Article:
Lynyrd Skynyrd rethinks Confederate flag retreat
September 24, 2012
As of this weekend, Chick-fil-A is no longer the latest commercial interest roiled by an attempt to disengage from the culture wars.
That honor has shifted to Lynyrd Skynyrd, now in its 42 year as the South’s premier rock band.
Earlier this month, in a CNN interview touting the band’s latest album, “Last of a Dyin’ Breed,” guitarist Gary Rossington – the group’s sole original member – explained why band members had distanced themselves from the Confederate battle emblem that had once been so identified with their performances. Said Rossington:
”It became such an issue, you know, about race and stuff, where – we just had it in the beginning as we were Southern, and that was our image back in the ‘70s, late ‘60s. They branded us as being from the South, so we showed that.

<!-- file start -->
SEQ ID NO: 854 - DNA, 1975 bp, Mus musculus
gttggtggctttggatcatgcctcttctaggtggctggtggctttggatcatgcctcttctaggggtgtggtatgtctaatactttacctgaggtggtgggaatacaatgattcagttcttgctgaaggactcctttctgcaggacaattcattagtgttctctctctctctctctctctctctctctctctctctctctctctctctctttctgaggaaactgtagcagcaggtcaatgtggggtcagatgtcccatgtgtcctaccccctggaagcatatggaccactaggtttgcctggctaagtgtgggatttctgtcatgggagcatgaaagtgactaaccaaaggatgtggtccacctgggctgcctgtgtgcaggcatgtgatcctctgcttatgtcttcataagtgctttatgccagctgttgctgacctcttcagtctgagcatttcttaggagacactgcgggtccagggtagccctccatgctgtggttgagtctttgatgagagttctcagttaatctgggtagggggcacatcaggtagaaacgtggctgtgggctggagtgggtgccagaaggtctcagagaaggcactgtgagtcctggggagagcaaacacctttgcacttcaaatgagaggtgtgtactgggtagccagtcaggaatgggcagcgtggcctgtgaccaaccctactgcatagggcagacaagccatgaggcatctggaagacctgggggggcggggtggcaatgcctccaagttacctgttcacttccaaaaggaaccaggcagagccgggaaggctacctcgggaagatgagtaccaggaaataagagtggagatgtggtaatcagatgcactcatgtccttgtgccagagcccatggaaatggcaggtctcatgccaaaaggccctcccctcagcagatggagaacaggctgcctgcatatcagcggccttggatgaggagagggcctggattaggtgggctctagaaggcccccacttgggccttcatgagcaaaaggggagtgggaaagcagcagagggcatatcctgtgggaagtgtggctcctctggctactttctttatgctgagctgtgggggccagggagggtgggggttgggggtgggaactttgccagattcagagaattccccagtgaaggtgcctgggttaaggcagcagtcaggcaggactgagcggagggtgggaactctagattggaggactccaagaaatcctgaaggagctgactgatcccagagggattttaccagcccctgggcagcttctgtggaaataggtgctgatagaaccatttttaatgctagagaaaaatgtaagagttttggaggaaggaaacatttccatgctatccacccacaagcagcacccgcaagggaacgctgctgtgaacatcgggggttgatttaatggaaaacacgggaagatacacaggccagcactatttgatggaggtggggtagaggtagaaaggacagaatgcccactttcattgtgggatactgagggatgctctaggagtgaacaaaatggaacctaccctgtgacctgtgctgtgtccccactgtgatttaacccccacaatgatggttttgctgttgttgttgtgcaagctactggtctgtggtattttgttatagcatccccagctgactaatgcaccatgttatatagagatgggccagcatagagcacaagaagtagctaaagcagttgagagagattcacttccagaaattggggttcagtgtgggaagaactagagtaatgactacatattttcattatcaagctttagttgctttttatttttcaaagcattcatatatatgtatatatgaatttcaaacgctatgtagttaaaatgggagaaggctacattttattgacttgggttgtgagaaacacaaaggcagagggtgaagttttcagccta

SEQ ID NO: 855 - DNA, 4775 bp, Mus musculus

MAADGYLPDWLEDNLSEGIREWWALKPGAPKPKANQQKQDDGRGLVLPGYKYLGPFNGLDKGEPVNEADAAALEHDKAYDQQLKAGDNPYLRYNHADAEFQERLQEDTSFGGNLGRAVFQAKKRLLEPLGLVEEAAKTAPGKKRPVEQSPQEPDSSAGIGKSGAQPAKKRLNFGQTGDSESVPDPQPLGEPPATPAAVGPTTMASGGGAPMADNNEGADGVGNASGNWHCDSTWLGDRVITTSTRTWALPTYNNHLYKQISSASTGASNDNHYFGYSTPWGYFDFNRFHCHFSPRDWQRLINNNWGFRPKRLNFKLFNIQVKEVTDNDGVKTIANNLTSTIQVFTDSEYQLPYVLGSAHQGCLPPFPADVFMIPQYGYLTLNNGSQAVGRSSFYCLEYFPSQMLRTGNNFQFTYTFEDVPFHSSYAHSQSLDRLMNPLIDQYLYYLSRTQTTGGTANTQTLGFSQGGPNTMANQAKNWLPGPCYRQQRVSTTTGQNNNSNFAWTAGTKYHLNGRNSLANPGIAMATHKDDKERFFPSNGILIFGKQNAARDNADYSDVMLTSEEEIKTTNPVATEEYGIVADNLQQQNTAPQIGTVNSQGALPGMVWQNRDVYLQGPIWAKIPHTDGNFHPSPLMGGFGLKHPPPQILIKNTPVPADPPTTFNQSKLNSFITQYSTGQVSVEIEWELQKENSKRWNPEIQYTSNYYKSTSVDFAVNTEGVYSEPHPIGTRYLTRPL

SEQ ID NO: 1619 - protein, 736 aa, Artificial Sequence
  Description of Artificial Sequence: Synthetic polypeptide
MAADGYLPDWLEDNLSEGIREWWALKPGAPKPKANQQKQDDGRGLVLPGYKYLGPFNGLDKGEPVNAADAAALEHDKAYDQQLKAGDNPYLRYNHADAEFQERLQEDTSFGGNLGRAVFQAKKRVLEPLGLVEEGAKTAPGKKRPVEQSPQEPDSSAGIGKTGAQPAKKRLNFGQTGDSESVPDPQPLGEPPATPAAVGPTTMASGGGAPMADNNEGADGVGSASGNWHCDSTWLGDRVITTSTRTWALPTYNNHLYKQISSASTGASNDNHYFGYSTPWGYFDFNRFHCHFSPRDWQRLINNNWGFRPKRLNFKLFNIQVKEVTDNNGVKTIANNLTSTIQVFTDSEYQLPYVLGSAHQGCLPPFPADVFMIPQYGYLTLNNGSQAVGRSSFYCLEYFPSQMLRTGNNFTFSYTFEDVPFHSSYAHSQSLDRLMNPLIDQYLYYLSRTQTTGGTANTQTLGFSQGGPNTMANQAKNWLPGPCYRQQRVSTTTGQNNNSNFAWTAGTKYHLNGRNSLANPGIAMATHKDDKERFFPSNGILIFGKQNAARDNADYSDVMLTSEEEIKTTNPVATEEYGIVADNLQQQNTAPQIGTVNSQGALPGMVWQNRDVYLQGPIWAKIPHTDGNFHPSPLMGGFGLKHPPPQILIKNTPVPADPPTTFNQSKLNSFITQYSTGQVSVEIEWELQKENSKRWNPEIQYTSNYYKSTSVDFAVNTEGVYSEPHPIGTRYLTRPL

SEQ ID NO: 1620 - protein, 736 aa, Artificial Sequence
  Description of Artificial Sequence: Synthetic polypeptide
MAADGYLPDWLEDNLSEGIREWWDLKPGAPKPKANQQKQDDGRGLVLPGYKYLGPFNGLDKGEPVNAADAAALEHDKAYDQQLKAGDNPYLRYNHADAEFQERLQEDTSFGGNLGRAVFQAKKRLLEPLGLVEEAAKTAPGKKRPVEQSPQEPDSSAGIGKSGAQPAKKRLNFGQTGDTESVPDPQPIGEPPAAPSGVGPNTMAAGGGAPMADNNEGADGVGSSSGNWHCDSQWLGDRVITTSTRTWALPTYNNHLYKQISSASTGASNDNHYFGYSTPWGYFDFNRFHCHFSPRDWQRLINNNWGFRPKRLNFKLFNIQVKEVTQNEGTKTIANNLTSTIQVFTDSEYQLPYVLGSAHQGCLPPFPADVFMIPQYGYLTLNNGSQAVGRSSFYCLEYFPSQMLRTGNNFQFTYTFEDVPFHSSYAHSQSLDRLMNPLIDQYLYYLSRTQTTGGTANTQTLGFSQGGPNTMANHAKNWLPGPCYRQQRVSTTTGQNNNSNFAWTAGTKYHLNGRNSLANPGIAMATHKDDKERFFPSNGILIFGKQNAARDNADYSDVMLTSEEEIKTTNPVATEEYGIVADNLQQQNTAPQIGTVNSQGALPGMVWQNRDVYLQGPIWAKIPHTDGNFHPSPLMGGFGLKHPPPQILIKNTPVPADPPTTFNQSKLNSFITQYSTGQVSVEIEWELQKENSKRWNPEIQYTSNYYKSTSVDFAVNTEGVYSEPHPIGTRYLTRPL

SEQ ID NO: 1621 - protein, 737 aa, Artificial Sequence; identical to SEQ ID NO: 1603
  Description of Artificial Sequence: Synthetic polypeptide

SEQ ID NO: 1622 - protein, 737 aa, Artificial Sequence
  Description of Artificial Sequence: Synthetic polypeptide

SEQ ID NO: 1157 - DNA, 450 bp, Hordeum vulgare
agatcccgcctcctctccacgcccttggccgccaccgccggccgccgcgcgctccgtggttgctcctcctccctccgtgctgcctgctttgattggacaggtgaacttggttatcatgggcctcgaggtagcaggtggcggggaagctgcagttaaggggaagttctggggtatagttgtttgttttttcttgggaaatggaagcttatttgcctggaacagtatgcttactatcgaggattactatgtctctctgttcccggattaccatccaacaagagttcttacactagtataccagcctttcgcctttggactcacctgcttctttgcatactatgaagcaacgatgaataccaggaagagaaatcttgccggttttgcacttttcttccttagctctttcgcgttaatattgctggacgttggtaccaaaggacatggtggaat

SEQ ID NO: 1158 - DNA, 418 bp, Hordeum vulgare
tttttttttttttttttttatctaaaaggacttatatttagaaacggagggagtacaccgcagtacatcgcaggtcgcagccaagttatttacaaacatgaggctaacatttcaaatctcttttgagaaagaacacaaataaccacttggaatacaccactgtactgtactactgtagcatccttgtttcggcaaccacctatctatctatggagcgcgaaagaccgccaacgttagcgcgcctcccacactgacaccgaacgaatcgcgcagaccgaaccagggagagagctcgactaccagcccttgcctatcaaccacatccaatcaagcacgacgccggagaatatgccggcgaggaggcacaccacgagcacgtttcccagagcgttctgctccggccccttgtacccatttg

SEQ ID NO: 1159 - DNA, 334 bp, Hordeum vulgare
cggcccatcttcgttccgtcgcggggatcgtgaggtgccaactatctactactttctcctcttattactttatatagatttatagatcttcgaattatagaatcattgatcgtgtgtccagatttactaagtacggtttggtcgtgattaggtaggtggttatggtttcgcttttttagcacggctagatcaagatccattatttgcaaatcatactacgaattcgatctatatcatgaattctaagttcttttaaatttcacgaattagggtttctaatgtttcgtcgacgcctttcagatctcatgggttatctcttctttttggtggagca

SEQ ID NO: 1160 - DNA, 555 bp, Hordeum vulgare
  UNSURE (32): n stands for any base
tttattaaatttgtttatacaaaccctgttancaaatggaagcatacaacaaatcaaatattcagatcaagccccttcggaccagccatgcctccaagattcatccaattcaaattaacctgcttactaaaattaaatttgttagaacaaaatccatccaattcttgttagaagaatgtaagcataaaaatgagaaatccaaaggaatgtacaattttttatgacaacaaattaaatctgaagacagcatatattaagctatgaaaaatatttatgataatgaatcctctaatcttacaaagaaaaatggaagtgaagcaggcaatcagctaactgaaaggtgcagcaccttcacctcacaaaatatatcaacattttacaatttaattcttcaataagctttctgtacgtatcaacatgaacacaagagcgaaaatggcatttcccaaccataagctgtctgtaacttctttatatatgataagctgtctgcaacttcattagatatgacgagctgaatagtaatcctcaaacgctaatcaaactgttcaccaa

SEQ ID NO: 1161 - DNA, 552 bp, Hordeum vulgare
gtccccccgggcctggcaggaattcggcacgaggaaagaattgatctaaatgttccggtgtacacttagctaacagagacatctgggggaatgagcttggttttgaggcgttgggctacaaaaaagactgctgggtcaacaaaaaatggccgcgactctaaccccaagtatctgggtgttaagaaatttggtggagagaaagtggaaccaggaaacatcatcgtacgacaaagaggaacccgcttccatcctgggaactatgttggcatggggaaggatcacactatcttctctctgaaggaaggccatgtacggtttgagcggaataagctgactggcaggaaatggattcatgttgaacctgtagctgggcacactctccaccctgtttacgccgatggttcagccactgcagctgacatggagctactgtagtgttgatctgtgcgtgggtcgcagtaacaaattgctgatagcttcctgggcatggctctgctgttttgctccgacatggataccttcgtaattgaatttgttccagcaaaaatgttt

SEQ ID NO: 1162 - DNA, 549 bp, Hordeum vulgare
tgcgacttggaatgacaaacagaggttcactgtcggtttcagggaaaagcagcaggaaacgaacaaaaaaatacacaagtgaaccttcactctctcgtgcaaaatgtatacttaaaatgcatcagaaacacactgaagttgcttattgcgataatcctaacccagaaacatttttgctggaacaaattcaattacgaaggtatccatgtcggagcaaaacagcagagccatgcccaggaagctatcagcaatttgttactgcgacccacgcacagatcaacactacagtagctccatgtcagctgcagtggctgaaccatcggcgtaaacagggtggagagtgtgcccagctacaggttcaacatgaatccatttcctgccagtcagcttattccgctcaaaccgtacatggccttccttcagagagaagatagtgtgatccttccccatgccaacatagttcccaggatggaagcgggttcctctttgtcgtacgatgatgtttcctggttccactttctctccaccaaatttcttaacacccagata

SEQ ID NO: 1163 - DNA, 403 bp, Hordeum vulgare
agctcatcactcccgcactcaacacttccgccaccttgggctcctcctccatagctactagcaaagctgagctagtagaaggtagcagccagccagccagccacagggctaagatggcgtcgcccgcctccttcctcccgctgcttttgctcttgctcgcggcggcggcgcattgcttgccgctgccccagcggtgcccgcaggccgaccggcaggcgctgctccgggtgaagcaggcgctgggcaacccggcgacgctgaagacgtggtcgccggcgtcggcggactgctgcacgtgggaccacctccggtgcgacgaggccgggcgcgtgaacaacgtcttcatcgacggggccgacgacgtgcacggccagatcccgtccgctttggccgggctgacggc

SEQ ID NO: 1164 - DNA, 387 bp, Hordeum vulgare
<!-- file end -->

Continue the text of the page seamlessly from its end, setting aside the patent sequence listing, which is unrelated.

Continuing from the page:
“But I think through the years, people like the KKK and skinheads and people have kind of kidnapped the Dixie or rebel flag from the Southern tradition and the heritage of the soldiers, you know. That’s what it was about.
“They kind of made it look bad, in certain ways. We didn’t want that to go to our fans or show the image like we agreed with any of the race stuff or any of the bad things.”
The remarks have not gone over well. On Friday, as Raw Story first reported, Rossington “clarified” his thinking on the band’s website:
“We know what the Dixie flag represents and its heritage; the Civil War was fought over States rights.
We still utilize the Confederate (Rebel) flag on stage every night in our shows, we are and always will be a Southern American Rock band, first and foremost. We also utilize the state flag of Alabama and the American flag as well, ‘cause at the end of the day, we are all Americans.
“I only stated my opinion that the [C]onfederate flag, at times, was unfairly being used as a symbol by various hate groups, which is something that we don’t support the flag being used for. The Confederate flag means something more to us, Heritage not Hate…”
© 2012 The Atlanta Journal-Constitution